Seventeen-year-old David Balfour's villainous uncle has him kidnapped in order to steal his inheritance. David escapes only to fall into the dangerous company of rebels who are resisting British redcoats in the Scottish highlands.
From the Trade Paperback edition.
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|Title of eBook: Kidnapped|
|Release Date: 02-26-2008|
|Allowed Countries (hover)|
|Publisher: Random House Publishing Group|
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Introduction by Margot Livesey
When I was growing up in Scotland, Robert Louis Stevenson was the first author whom I knew by name, and he remains the only one whom I can truthfully claim to have been reading all my life. From an early age, my parents read to me from A Child's Garden of Verses, and I soon learned some of the poems by heart.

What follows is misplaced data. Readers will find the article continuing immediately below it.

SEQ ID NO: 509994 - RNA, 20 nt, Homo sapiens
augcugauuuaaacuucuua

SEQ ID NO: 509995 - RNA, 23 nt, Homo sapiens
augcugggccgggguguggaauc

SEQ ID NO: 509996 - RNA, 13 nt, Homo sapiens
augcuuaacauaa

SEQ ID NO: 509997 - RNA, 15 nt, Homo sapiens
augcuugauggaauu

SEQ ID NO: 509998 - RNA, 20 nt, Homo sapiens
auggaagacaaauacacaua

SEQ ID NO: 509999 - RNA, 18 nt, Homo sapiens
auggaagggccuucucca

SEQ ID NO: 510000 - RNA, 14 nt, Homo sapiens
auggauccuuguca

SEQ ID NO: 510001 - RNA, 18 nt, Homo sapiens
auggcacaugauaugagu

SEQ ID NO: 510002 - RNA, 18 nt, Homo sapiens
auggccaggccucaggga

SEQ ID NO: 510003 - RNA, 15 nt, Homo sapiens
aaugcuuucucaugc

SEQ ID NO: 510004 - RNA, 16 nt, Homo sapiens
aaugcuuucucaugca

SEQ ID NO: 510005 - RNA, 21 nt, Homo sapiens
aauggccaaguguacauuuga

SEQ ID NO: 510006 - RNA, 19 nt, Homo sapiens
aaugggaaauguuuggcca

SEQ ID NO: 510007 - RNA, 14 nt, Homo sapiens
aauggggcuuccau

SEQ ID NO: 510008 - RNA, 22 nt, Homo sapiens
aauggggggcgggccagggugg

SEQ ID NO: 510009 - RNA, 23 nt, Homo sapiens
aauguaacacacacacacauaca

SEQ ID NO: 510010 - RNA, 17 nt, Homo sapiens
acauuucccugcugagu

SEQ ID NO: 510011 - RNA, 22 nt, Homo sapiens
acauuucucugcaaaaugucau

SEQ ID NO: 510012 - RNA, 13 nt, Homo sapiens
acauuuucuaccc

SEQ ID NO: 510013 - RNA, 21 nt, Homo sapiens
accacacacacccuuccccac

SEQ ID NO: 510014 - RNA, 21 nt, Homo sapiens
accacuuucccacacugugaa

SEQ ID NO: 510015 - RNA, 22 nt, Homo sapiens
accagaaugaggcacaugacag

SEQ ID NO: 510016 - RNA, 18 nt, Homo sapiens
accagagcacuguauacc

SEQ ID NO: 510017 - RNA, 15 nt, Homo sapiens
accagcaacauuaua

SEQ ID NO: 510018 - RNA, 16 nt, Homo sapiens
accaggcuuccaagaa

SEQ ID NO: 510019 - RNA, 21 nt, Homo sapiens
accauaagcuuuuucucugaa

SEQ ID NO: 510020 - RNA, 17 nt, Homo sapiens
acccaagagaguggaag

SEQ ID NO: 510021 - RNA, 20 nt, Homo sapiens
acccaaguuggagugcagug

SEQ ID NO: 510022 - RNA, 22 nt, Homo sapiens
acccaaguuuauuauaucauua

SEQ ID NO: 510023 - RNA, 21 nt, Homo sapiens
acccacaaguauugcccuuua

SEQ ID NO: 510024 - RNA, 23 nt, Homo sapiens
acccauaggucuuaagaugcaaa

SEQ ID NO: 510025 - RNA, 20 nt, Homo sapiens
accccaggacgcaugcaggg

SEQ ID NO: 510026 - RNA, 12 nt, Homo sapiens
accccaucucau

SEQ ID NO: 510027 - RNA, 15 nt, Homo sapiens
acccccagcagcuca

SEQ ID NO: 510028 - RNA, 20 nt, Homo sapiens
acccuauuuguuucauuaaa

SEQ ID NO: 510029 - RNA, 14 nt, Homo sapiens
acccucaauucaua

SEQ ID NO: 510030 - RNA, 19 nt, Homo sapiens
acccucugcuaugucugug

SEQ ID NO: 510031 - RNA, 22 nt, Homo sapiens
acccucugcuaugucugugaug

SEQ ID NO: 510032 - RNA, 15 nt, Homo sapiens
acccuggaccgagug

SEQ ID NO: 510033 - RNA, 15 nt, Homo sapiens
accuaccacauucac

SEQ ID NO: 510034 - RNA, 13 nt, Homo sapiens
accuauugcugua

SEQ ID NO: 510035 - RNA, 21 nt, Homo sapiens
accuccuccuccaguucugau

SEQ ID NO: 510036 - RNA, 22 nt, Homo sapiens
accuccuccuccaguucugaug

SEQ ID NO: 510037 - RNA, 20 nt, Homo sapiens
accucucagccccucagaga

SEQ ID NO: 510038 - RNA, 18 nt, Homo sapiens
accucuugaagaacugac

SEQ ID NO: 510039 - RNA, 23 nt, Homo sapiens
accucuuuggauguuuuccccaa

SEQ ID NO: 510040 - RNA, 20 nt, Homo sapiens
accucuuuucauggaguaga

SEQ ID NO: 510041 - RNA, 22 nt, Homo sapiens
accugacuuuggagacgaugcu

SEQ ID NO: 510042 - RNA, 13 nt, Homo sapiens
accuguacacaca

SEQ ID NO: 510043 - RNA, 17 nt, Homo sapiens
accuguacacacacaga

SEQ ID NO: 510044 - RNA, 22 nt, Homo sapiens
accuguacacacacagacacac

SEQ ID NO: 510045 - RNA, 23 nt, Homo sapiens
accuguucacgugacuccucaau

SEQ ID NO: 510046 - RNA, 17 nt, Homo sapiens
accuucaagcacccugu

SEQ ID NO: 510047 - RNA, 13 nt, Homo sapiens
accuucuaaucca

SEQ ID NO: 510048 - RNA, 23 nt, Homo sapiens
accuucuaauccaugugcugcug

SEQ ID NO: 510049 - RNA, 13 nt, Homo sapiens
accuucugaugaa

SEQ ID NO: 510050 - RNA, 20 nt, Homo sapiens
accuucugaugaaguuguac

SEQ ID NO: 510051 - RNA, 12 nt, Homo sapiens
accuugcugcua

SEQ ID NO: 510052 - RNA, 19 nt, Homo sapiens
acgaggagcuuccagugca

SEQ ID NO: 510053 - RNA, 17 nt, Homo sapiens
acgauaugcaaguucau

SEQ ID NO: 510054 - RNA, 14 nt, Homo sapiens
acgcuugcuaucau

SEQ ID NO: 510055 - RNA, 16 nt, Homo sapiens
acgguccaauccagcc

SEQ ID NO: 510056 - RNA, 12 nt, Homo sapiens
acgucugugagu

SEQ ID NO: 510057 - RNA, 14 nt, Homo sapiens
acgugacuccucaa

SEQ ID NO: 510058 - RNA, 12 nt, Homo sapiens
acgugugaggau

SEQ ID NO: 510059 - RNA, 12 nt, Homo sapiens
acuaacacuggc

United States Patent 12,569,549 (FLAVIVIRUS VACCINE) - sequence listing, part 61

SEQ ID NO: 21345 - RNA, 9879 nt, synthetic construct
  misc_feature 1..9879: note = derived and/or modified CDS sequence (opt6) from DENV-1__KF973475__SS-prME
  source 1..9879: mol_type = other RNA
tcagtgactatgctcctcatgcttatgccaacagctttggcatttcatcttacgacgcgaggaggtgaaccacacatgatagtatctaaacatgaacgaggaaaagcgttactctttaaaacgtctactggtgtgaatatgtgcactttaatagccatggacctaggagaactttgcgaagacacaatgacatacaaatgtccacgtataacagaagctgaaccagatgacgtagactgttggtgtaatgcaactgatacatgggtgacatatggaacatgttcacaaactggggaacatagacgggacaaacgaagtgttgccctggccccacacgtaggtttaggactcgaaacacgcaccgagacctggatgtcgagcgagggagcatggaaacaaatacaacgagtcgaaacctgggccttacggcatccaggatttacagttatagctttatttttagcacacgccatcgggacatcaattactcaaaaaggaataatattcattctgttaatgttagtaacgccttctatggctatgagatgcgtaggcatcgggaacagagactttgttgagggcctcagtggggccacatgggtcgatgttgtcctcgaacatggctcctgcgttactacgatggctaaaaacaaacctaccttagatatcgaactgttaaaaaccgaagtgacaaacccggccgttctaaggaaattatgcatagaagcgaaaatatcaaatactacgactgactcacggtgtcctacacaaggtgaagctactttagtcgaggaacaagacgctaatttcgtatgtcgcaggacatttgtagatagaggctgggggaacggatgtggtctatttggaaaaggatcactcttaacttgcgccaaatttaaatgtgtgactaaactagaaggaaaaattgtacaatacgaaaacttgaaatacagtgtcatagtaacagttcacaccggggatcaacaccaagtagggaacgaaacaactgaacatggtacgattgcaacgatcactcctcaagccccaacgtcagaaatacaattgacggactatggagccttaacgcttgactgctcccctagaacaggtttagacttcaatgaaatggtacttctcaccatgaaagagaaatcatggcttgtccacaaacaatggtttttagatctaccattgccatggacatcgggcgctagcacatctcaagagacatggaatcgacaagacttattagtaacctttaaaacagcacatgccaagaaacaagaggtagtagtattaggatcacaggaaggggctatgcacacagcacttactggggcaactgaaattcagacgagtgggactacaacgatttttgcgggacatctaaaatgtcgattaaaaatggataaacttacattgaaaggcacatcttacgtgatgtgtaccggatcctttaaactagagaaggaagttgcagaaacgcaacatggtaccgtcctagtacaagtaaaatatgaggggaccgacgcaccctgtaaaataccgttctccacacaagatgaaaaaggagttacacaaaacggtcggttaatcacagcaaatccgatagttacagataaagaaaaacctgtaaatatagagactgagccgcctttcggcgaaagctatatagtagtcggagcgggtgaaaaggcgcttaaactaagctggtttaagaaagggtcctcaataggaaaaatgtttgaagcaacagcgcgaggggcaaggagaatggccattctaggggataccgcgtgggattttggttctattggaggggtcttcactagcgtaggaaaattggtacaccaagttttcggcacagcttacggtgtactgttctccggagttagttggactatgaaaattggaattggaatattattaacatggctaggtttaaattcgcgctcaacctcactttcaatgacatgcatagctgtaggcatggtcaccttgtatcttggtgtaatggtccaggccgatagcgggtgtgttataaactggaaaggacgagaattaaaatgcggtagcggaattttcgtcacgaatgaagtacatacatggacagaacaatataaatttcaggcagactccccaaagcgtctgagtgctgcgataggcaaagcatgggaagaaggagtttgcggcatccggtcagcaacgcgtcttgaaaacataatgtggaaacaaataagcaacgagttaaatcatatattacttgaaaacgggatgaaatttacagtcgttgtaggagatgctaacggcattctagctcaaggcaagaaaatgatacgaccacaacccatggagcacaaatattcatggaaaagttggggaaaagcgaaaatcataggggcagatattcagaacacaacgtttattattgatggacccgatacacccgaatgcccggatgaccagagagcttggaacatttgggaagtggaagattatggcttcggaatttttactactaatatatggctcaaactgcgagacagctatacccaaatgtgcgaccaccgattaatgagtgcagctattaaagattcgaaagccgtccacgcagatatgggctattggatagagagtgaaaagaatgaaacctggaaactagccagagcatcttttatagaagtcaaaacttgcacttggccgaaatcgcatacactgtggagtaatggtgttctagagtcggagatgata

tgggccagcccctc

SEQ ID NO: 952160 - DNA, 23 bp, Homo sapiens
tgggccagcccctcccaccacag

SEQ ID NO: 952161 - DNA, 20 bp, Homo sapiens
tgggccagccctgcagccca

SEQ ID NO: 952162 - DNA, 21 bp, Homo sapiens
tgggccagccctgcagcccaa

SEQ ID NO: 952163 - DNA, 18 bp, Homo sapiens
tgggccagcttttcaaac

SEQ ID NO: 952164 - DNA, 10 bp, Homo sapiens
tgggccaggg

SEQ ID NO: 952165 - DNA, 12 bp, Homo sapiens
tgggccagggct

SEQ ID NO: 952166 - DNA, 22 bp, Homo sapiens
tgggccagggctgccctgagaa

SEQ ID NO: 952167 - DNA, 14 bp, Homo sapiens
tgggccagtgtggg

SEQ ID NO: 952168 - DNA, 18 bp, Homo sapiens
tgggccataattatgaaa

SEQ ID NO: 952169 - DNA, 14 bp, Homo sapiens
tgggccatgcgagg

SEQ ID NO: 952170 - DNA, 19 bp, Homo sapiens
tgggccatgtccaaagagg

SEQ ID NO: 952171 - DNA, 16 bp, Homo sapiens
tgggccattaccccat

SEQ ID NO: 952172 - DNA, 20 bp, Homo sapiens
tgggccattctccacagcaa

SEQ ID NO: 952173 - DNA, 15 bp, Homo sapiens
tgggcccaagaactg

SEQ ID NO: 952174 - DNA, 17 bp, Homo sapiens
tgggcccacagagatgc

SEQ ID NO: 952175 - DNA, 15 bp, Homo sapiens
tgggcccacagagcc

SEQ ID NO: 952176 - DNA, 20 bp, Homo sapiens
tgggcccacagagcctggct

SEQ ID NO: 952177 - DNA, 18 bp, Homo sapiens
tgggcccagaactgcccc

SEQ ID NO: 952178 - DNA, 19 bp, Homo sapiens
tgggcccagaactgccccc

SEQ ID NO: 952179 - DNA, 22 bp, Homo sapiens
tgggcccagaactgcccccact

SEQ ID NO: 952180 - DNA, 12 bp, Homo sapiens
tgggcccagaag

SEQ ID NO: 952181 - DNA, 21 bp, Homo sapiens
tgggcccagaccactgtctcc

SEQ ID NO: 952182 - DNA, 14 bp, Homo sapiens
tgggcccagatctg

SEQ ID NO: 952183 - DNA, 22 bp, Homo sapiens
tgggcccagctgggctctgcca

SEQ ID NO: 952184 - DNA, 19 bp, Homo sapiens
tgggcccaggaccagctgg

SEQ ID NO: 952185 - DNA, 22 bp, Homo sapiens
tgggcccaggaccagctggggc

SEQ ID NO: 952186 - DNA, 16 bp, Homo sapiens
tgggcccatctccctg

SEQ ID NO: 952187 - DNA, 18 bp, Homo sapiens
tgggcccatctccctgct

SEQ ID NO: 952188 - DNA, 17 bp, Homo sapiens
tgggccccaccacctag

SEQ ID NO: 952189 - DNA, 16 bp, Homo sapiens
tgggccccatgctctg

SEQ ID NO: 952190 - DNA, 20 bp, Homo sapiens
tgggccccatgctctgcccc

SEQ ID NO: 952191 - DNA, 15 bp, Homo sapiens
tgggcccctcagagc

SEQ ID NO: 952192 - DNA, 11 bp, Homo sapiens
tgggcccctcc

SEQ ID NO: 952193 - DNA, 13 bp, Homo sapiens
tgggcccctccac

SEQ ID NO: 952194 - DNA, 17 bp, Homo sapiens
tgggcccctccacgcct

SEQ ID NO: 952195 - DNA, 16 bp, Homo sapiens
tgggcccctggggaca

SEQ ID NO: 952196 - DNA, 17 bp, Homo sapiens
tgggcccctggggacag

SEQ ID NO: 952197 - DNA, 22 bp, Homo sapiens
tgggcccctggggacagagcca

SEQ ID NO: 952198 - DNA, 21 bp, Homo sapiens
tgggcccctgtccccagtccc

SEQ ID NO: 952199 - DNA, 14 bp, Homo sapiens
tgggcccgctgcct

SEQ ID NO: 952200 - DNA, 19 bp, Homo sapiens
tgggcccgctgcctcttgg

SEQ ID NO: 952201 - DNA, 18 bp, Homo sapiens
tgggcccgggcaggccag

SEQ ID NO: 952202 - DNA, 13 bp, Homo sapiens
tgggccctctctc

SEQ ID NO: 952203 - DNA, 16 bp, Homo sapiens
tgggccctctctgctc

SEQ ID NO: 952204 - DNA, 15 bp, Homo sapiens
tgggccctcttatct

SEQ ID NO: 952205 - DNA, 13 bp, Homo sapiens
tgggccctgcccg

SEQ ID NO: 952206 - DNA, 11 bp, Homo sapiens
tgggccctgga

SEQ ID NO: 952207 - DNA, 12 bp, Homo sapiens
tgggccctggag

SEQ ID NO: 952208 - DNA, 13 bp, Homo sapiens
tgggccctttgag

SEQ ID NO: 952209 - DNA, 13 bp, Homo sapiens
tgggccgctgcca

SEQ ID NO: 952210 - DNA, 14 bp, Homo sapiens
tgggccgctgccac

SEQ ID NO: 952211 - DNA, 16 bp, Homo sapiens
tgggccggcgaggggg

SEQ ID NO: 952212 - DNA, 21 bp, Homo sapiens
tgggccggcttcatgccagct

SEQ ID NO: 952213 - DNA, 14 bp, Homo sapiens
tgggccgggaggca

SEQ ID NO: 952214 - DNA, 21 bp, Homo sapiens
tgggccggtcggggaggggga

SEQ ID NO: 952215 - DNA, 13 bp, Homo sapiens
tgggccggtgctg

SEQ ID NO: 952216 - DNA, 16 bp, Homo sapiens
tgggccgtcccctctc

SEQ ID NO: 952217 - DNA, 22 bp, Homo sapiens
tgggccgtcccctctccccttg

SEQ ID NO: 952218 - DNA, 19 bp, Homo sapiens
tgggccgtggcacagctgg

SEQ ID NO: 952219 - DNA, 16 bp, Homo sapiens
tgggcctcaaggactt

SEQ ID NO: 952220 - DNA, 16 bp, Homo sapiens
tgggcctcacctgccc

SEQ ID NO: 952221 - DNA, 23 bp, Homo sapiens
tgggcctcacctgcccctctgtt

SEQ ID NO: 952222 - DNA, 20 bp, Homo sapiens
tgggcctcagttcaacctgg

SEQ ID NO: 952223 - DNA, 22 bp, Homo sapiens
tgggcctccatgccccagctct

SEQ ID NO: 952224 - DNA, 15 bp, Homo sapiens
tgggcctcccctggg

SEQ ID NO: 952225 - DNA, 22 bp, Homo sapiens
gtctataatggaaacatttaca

I have a little shadow
that goes in and out with me,
And what can be the use of him
is more than I can see.
Perhaps I recognized, even then, Stevenson's unique gift for keeping a foot in two camps. While the poems vividly captured my childish concerns, somewhere in the margins shimmered the mystery of adult life. A few years later Kidnapped was the first chapter book I read, and I can still picture the maroon binding and the black-and-white drawings that illustrated David Balfour's adventures. At the age of seven, a book without pictures would have been out of the question, but, in fact, they turned out to be superfluous. I could imagine everything that happened just from the words on the page, although I must admit to the small advantage that the view from my bedroom window-bare hills, rocks, heather-was very much like the landscape of Kidnapped.
At first glance such early acquaintance might seem like a good omen for an author's reputation. In actuality, that Stevenson is so widely read by children has tended to make him seem like an author from who, as adults, we have little to learn. It is worth noting that his contemporaries would not have shared this prejudice. Nineteenth-century readers did not regard children's books as separate species. Stevenson's own father often reread The Paren